Almost a fifth of social workers are still not aware of the changes brought in by the passing of the Children and Families Act into law four months ago, research into the state of the workforce has found.
A report published yesterday by the Victoria Climbié Foundation (VCF) examines social workers’ ability to implement the Children and Families Act within the current infrastructure. With concerns over caseloads, supervision and perception of the profession, the results are not positive.
But beyond the daily challenges hindering social workers from properly implementing changes and recommendations for children’s social care, a more fundamental problem seems to exist in that social workers have not been kept up to speed on what these changes actually are.
The Children and Families Act introduces sweeping reforms, mostly of the adoption system. The Act enshrines a 26-week time limit on care proceedings, with a leeway of up to 8 weeks’ extension in particularly complex cases, intended to reduce delay in the adoption process in order to protect children who are at risk of harm or emotional damage from their birth family.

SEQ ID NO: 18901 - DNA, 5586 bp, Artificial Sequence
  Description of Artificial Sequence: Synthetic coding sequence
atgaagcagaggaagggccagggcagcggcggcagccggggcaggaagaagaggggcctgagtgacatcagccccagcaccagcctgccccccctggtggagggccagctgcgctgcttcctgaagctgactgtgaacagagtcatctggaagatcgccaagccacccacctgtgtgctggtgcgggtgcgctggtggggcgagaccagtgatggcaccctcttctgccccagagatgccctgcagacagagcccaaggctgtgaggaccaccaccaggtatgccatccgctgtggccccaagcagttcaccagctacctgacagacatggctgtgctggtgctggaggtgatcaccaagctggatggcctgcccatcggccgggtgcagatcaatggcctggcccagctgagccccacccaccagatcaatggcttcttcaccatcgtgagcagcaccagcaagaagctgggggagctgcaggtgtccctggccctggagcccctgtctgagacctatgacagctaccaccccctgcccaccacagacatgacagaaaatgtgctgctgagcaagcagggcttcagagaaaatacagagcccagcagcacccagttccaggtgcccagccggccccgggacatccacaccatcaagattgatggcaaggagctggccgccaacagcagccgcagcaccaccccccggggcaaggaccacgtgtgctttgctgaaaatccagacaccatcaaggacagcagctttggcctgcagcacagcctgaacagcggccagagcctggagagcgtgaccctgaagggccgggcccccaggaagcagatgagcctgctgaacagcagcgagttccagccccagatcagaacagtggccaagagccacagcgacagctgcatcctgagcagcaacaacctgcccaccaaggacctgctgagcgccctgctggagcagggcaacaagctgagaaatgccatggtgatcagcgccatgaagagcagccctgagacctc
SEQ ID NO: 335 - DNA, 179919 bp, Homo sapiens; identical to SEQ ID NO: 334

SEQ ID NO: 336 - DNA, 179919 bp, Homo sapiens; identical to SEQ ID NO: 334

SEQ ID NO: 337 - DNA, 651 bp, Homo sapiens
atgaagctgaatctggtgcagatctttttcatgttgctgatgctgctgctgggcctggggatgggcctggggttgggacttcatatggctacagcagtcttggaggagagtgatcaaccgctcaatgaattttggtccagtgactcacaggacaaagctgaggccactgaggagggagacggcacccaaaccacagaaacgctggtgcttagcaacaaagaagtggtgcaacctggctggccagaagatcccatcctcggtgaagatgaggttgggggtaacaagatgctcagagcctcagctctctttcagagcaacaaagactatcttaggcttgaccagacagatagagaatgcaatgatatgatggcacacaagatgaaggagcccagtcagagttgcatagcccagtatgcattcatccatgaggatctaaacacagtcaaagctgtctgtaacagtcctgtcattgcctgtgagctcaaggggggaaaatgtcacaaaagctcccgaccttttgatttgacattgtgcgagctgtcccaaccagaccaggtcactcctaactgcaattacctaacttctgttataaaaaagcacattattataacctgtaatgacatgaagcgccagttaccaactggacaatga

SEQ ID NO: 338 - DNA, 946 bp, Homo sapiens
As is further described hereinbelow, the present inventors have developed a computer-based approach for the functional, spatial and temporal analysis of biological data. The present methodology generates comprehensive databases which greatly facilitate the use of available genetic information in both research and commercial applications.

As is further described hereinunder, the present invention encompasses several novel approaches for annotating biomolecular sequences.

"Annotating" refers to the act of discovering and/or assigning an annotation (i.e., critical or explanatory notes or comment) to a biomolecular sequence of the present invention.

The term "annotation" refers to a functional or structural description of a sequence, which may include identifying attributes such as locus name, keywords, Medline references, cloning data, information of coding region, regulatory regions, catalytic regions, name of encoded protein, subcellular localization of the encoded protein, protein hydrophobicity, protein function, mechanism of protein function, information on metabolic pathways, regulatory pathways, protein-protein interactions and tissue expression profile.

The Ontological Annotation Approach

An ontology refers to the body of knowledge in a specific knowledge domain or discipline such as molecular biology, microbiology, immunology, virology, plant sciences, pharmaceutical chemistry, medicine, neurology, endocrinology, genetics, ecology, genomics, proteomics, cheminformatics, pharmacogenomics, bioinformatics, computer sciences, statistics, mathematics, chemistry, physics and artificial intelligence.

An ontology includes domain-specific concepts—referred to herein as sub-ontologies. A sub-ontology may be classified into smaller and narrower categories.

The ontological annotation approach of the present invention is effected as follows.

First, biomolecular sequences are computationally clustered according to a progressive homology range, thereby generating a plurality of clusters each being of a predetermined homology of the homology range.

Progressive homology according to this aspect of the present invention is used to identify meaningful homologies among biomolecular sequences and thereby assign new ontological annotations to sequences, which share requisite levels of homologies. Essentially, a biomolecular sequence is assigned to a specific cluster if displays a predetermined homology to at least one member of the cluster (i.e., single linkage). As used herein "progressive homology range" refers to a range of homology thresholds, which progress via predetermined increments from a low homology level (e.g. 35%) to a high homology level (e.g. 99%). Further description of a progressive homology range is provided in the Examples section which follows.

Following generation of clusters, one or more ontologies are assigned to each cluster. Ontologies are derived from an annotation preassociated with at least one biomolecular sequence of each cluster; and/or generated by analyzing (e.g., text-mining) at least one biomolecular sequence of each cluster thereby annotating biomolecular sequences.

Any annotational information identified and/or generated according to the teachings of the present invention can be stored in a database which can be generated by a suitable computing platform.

The Act also removes the clause which recommends ‘due consideration’ should be given to a child’s ethnic or religious background in matching them with a family and gives greater rights for adoptive families to paid leave matching that of a birth parent.
However almost 20% of children’s social workers surveyed by the foundation are still not aware of these changes, despite their being in place since March.
VCF founder Mor Dioum said: “We welcome the Children and Families Act which encourages development of the childcare sector, as well as ensuring a strong advocate for children’s rights.
“However we are concerned that, despite a raft of reviews and recommendations over the past five years, the current social work system is not significantly robust enough to deliver on the Act. We now have evidence from the front line that this is the case.”
Jo Cleary, chair of the College of Social Work, said: “The report rightly draws attention to the importance of effectively engaging practitioners in the reform agenda.”